Habits – Consumer psychology for small businesses
When it comes to buying habits, we often stick to what we know. We are all habit zombies. Repeating the same tasks day after day. To get someone to try a new product, look for times in their lives when their environment changes. This is when their patterns will be more fluid and they’ll be most receptive to products they’ve never tried before. Jump at this opportunity to become part of their new behaviour as it hardens into a habit. Ok, let’s dive into this.
Going through your day on Auto-Pilot
When it comes to making a decision, how many things do you do on autopilot every day? You are probably unaware of just how many things are done due to habits. From taking a shower, brushing teeth, getting dressed, grab a cup of coffee. These are things (hopefully) you just do. We often take the same route when going from A to B. Only if there is a road diversion, do you take a different route. It’s the same with how consumers buy. You do the same thing over and over again because you are familiar with it. The same brand of coffee. The same pizza. The same curry sauce. Often we have the same takeaway order again and again. There is a range of reasons why this may be. It may be it’s the one you have always used. You like the company, the packaging, or the blurb on the packaging (aka innocent smoothies and Yeo Vally Yohurts in my case). Or maybe, even because it is at your glancing eye level on a busy supermarket shelf.
We’re all creatures of habits
We are creatures of habits and routines because the opposite could definitely make my mind explode. Assessing every decision and action (big and small) would make most people a nervous wreck! It is just too much for our minds to progress. We develop through taking shortcuts from previous information we have gained. By doing the same things on auto-pilot it allows your brain to focus on the more important things. Such as “Did I lock the car?”. It allows our minds to be open to receiving more information and new experiences. So, if we are such creatures of habits how do we get people to change their habits and try your product for the first time?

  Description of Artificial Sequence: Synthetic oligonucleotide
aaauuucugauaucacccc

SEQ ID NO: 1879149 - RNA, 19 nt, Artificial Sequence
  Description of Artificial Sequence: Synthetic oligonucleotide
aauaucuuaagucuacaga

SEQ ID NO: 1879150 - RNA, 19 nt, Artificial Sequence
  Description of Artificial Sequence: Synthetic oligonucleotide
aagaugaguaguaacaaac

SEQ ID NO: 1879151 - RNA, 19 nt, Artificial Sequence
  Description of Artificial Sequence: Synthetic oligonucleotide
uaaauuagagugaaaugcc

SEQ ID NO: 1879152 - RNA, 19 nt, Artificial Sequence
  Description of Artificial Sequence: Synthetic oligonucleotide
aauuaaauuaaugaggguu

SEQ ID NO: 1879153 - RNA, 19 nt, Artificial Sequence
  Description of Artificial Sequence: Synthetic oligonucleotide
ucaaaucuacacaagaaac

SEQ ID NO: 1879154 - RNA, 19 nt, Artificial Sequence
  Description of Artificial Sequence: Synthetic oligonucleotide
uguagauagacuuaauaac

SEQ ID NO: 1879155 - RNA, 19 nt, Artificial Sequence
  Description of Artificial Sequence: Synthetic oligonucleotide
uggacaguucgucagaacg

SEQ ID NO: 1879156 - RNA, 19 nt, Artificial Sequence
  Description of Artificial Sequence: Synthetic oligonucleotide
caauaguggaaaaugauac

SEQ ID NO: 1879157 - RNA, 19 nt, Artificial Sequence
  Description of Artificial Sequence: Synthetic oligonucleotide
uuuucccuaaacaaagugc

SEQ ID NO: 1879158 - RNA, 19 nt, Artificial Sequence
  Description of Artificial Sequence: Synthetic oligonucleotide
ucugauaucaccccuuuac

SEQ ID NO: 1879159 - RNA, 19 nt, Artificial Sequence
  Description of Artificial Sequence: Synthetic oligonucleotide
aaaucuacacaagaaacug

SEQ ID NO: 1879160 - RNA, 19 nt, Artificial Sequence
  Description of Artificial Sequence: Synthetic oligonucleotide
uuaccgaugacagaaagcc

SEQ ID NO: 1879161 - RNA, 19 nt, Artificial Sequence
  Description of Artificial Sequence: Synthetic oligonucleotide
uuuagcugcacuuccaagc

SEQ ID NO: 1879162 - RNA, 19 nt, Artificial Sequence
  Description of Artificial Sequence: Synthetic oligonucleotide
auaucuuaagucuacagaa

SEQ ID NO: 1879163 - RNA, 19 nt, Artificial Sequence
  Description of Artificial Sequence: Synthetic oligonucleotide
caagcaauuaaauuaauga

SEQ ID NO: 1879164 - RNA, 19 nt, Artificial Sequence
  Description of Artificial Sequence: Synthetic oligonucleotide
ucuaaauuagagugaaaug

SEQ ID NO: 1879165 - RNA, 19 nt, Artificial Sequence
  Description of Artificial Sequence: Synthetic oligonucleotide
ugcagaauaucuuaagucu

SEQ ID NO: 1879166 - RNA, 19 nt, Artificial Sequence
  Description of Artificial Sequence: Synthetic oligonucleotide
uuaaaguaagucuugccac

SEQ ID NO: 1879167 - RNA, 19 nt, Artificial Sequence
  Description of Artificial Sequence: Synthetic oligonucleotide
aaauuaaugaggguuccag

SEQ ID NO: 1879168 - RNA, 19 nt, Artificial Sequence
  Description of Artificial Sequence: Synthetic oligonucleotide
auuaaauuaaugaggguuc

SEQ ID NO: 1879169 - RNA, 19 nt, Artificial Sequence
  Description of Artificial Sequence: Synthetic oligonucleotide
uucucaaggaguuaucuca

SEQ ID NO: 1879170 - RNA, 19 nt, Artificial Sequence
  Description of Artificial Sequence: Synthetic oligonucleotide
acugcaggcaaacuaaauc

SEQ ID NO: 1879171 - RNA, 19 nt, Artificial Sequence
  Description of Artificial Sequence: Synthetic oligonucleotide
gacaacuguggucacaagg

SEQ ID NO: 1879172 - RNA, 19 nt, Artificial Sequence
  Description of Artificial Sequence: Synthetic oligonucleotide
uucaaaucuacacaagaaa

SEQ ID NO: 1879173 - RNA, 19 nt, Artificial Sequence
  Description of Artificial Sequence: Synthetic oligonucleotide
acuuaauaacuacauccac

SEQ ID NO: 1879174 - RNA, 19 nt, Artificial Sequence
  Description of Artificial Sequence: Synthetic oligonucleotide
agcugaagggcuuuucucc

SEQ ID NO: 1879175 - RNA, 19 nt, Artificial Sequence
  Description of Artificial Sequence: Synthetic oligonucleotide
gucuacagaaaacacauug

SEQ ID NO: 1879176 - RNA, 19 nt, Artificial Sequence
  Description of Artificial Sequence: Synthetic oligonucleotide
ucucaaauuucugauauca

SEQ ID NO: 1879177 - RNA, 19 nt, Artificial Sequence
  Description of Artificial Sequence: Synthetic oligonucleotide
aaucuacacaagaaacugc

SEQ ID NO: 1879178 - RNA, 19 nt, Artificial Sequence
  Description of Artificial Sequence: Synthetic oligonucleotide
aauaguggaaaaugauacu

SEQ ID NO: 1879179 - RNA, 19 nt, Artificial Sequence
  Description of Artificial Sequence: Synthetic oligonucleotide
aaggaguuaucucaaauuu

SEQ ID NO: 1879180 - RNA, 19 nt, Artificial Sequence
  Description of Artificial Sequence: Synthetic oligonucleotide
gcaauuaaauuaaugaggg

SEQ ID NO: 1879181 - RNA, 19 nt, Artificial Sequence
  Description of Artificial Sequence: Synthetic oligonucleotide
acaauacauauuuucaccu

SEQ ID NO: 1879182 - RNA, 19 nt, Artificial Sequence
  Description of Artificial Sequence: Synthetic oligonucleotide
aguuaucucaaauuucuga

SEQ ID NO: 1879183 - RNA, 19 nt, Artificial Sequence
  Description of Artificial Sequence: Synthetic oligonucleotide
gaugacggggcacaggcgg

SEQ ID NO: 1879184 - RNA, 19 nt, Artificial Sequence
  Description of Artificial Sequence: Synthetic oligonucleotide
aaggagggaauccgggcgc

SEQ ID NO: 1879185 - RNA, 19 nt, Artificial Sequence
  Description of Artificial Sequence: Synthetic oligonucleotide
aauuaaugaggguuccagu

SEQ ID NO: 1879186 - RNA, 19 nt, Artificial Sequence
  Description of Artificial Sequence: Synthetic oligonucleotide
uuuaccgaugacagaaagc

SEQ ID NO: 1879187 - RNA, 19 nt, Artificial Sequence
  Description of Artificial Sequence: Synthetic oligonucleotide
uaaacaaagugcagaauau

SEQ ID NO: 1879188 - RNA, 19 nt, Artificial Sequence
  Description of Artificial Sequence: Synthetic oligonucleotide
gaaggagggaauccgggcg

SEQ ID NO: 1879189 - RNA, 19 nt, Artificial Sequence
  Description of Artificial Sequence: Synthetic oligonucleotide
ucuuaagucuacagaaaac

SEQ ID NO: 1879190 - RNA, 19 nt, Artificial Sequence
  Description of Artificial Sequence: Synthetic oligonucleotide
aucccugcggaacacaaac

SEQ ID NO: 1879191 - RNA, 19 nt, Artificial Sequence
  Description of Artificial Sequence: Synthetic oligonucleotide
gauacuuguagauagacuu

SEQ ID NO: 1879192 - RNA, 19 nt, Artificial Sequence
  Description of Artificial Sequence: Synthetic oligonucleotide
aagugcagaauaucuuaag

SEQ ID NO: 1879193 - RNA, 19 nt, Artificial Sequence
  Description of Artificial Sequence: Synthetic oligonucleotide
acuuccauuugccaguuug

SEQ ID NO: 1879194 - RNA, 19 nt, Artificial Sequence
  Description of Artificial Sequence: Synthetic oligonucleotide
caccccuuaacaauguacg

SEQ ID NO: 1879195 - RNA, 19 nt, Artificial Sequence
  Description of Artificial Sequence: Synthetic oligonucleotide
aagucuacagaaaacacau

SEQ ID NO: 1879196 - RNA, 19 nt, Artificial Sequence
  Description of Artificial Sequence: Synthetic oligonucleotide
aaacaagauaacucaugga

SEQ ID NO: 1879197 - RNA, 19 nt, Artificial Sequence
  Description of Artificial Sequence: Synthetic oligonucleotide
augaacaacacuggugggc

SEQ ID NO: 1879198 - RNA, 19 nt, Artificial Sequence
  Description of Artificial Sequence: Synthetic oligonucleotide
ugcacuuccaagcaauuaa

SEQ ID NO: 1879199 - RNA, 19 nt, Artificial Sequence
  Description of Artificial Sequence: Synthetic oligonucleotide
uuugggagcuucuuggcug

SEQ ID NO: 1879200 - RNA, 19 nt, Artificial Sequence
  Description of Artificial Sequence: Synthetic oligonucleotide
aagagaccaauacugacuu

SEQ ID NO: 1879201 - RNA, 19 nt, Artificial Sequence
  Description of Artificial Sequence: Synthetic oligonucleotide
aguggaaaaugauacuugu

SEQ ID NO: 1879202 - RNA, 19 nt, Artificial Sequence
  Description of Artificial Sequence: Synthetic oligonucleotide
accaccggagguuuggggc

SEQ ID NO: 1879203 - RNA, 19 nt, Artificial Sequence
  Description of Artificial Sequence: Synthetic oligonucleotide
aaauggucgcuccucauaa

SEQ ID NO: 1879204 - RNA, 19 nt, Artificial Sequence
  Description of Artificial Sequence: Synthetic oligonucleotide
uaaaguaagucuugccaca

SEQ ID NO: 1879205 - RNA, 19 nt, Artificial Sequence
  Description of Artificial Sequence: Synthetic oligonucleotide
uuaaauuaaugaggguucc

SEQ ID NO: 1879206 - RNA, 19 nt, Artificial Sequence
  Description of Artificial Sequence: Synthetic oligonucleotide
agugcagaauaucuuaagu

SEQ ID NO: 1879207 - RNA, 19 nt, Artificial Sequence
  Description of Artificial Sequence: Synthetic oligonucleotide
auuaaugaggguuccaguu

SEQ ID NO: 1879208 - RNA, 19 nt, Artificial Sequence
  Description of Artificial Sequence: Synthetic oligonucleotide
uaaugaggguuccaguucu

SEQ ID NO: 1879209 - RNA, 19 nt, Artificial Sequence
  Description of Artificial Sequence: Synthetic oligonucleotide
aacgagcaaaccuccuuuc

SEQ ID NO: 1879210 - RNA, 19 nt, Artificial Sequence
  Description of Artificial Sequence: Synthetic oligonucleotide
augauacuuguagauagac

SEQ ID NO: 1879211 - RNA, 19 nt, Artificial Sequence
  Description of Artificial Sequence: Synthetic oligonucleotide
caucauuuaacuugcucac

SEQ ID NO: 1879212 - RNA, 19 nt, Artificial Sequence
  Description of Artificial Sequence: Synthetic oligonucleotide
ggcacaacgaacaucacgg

The Consumer Mind
Most of our decisions and habits are based on a range of triggers. From the time of day, visual clues, feelings, and so forth. However, there are times when our normal habits take a back seat. When you are overwhelmed, tired, or stressed out then your mind switches back into survival mode. These disruption times usually occur at major life events such as moving into a new living space, having a child, starting a new job, or a major change in your relationships. These are the times when environments are unstable and habits are going to be altered.
Using Habits within your small business
When your potential customers are in these changing situations they want to create new habits as both an anchor point, but also in a way to help them identify who they are. So this can create a great opportunity for what you offer to be part of that new way of being.
How could you apply this to your small business?
- By timing your messaging to correspond with these environmental changes, you can alter consumers’ habitual behavior.
- Identify the life events and changes for your ideal paying customer. If you help people lose weight, target people on New Year or when the weather starts to get warmer. If you offer a service for busy moms, send out mailers or have a sale when kids are back in school.
These are just some examples, but you get the idea. The key is to be strategic and plan your marketing around these ‘disruptions’ to increase the chances that people will try your product or service.
We are all creatures of habit, repeating the same tasks day after day. Small businesses can use buying psychology to their advantage by understanding how customers develop habits and what triggers cause them to buy. Knowing when potential customers are most likely to be receptive to a new product. This is when their patterns will be altered. Seize the opportunity to become part of their new behaviour as it hardens into a habit.